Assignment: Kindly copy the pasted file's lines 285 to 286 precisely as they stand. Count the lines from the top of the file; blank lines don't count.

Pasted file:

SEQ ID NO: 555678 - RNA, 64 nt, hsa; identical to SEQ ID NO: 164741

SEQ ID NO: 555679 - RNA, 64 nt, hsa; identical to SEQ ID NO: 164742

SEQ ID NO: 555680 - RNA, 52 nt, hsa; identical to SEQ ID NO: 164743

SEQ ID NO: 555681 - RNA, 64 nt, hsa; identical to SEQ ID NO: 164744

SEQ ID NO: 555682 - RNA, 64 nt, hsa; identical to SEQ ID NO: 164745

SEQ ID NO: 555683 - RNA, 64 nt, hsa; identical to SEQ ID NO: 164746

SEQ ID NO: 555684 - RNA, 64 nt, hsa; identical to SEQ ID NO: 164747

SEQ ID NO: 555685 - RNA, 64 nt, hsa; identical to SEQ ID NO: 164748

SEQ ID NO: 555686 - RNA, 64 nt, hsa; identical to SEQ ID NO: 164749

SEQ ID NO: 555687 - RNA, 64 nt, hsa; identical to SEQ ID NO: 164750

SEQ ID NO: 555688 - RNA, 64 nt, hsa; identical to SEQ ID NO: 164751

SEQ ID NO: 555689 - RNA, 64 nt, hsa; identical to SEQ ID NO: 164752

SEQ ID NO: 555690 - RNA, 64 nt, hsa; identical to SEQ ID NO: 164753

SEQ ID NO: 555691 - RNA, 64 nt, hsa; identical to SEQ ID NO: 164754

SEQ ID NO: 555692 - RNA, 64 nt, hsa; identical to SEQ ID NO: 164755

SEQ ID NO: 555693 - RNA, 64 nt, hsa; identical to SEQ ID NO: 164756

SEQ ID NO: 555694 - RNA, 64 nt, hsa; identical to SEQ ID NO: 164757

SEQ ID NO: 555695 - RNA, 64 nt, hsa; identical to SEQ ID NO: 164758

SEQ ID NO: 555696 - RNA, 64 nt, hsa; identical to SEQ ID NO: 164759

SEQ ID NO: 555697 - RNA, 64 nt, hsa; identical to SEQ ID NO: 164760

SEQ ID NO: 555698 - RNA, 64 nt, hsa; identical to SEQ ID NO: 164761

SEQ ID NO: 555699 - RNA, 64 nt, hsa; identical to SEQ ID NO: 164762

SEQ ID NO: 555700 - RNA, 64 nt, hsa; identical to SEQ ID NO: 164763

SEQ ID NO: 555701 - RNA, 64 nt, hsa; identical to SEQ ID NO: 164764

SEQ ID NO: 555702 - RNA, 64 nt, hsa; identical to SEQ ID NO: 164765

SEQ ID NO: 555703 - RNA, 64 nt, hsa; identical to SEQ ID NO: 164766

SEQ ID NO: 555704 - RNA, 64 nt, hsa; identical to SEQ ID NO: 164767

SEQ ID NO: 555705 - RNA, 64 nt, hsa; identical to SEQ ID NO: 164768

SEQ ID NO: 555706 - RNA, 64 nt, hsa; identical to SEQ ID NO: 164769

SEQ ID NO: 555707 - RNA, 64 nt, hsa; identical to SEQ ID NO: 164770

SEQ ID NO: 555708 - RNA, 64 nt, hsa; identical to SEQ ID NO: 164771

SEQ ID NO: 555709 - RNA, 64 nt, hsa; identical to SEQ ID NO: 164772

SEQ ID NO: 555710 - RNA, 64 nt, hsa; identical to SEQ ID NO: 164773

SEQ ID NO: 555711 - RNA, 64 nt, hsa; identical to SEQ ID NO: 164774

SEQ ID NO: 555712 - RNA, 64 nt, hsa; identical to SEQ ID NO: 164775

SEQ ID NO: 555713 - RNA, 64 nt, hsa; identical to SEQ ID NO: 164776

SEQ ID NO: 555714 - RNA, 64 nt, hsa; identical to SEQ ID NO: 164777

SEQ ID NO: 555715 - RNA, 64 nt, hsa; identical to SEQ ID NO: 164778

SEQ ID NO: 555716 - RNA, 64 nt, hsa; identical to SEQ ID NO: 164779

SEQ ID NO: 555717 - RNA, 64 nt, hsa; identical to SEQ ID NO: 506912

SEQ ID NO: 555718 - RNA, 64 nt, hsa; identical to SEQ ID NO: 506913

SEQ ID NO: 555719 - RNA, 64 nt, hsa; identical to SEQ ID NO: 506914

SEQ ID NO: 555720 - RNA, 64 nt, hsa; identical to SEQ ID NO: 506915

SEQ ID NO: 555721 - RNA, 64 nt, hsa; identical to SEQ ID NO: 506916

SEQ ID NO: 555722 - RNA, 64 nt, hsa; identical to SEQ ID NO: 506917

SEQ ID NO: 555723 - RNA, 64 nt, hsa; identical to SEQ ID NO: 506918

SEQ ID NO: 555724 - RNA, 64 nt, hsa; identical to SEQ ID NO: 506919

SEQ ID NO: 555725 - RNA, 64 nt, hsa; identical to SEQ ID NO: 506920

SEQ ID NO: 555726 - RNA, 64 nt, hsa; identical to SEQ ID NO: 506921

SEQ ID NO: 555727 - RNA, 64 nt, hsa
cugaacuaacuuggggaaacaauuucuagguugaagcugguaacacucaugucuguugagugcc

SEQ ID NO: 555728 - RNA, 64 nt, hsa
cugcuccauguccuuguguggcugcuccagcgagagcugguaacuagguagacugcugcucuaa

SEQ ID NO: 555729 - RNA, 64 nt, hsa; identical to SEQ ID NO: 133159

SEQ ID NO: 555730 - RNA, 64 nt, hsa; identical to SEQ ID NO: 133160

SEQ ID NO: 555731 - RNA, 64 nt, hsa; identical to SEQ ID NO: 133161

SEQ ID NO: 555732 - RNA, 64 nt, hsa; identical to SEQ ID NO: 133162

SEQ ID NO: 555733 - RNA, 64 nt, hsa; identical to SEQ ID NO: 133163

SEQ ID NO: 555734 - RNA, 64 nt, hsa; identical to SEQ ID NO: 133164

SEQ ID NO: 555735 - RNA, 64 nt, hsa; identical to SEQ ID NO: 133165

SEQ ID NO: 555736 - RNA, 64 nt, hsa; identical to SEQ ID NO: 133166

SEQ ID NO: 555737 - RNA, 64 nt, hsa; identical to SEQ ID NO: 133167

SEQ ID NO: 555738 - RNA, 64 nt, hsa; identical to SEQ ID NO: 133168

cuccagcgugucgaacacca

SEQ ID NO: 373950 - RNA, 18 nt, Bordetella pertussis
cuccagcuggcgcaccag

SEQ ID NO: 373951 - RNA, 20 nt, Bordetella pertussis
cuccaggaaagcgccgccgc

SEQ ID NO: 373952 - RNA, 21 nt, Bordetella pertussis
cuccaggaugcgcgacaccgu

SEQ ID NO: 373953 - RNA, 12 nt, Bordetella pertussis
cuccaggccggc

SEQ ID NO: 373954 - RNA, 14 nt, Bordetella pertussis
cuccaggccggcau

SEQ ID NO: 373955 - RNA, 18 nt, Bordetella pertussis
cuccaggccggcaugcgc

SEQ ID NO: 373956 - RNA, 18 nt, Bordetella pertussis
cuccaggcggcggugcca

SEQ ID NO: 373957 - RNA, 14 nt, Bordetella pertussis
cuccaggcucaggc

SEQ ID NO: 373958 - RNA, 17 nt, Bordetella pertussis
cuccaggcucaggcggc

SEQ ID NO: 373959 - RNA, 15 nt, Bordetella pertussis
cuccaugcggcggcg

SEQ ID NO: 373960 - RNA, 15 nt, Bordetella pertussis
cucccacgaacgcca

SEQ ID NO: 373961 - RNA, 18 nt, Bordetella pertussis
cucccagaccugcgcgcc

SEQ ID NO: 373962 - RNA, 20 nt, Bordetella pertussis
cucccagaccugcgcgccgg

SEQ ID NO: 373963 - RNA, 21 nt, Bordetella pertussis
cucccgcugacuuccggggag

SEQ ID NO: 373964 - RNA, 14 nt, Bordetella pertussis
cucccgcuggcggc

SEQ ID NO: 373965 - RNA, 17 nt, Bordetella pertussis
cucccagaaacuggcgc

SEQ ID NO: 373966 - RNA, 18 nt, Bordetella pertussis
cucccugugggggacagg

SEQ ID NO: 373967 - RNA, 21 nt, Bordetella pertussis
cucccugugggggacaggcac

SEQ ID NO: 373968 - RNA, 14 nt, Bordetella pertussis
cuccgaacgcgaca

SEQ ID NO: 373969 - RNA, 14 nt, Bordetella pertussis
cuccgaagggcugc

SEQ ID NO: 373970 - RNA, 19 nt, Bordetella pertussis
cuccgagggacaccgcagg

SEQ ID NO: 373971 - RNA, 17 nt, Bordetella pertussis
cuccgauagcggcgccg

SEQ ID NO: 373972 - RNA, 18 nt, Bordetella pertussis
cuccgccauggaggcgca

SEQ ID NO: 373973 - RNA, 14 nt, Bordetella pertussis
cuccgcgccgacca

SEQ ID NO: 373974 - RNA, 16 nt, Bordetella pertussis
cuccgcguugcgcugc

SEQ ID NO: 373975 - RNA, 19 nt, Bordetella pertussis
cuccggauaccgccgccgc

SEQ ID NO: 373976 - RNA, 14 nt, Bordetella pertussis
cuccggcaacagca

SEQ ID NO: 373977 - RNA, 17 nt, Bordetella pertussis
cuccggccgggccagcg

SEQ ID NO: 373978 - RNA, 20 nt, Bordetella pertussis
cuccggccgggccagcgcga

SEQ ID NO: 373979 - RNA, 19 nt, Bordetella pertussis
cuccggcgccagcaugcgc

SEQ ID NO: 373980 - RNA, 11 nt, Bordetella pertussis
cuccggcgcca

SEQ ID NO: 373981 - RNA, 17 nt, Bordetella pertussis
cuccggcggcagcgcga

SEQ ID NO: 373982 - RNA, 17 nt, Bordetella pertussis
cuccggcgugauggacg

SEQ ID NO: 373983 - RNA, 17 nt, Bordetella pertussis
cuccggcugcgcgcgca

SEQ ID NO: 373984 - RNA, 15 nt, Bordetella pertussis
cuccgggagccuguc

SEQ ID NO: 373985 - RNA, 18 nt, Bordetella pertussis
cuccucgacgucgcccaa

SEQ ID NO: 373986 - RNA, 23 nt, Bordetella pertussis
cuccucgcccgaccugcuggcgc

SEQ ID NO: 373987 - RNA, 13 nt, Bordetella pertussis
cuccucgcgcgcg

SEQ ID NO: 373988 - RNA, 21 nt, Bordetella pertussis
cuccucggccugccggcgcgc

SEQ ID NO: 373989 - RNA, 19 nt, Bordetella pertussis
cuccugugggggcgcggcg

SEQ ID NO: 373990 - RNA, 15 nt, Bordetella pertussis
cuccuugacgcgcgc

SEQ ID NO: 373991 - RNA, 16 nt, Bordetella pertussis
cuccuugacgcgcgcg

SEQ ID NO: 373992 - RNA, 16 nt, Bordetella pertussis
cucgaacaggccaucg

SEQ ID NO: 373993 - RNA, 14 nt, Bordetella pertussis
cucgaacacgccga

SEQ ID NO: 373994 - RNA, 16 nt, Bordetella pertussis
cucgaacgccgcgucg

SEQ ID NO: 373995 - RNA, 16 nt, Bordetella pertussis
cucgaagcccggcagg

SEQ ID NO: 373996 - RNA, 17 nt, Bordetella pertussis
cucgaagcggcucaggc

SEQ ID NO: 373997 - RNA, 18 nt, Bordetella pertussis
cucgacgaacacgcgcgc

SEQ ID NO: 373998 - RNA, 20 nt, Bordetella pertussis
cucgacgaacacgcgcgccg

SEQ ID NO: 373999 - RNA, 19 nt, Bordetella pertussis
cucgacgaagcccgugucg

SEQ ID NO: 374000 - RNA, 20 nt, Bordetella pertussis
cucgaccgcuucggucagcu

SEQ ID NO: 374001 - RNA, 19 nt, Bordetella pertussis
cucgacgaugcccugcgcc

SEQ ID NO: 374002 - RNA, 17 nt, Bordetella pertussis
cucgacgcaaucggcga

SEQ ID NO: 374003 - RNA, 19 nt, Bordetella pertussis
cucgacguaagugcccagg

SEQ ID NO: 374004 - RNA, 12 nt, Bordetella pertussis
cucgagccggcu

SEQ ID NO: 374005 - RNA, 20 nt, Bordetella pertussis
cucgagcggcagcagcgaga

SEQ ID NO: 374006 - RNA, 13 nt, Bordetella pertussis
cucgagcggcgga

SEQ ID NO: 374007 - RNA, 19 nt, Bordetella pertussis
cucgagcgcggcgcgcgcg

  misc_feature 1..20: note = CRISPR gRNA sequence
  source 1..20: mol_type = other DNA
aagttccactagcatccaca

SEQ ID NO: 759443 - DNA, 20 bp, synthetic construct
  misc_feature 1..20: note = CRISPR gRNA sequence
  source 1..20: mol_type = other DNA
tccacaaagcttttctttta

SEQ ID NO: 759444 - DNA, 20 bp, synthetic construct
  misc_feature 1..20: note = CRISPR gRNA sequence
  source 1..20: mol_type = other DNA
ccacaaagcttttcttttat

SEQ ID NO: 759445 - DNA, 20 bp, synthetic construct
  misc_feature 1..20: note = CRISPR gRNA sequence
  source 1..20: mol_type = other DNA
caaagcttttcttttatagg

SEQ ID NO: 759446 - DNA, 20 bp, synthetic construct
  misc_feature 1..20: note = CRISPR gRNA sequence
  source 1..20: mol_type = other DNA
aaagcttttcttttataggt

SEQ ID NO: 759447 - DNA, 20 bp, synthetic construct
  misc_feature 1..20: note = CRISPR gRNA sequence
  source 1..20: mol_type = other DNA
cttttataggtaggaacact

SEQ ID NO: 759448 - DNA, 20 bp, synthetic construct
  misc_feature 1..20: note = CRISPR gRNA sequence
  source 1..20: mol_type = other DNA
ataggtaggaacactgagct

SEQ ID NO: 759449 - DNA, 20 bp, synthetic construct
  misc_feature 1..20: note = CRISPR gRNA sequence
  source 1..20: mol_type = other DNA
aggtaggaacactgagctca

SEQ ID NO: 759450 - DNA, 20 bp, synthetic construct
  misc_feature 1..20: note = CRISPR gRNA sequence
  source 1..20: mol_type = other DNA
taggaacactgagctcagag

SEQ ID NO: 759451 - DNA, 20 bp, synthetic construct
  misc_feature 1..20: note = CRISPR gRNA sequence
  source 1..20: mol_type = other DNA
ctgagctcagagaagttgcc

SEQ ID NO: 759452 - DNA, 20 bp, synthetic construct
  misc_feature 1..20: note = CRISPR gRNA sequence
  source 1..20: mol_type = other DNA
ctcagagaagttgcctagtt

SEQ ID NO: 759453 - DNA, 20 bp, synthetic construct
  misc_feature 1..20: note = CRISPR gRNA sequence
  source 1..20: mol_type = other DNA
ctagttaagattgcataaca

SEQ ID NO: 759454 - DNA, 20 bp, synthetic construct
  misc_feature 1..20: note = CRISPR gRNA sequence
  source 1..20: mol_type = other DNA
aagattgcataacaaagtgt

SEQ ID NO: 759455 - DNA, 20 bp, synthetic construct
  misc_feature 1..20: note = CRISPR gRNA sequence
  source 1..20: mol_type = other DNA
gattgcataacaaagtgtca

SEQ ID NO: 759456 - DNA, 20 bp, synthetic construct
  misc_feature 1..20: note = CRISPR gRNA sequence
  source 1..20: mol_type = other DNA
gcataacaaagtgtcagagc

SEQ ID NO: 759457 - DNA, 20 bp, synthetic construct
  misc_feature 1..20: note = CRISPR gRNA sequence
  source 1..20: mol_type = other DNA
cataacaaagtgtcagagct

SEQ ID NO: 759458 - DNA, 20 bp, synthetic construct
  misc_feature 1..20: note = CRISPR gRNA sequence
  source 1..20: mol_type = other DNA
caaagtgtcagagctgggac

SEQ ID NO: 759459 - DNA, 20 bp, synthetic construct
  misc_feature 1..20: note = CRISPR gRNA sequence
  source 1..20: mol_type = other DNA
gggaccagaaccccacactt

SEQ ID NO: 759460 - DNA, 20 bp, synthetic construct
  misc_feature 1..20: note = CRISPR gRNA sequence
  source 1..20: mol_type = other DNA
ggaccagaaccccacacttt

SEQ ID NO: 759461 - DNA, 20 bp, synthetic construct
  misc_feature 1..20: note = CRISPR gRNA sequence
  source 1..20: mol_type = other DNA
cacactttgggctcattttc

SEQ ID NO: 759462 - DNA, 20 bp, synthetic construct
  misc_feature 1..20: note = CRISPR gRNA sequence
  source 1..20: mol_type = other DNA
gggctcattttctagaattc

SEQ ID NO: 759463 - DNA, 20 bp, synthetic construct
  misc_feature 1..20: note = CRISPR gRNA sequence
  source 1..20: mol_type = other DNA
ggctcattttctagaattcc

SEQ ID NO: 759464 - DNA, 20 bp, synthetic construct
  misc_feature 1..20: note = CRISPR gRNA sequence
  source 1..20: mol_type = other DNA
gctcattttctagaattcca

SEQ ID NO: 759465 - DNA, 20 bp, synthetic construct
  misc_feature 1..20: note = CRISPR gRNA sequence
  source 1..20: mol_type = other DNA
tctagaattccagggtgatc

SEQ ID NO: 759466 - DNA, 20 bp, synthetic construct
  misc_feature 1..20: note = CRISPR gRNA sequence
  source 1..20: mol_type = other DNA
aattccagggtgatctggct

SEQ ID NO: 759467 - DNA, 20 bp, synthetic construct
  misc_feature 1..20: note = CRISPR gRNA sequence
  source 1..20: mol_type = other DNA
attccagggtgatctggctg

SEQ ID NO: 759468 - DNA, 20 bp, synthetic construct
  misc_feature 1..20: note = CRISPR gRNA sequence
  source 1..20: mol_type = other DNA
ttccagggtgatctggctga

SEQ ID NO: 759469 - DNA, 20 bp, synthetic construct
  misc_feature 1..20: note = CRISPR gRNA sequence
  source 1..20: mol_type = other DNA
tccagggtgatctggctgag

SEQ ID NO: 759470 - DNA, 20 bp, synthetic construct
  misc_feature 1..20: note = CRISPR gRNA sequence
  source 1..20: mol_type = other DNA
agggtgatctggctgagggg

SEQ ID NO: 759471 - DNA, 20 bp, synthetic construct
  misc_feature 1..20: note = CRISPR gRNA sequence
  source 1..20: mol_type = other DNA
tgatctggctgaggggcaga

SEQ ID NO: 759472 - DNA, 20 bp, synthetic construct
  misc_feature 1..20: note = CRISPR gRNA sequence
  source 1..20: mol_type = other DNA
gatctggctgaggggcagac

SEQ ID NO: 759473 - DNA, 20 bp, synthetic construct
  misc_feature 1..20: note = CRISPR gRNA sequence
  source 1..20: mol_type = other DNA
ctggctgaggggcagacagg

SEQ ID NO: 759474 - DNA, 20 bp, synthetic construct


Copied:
  misc_feature 1..20: note = CRISPR gRNA sequence
  source 1..20: mol_type = other DNA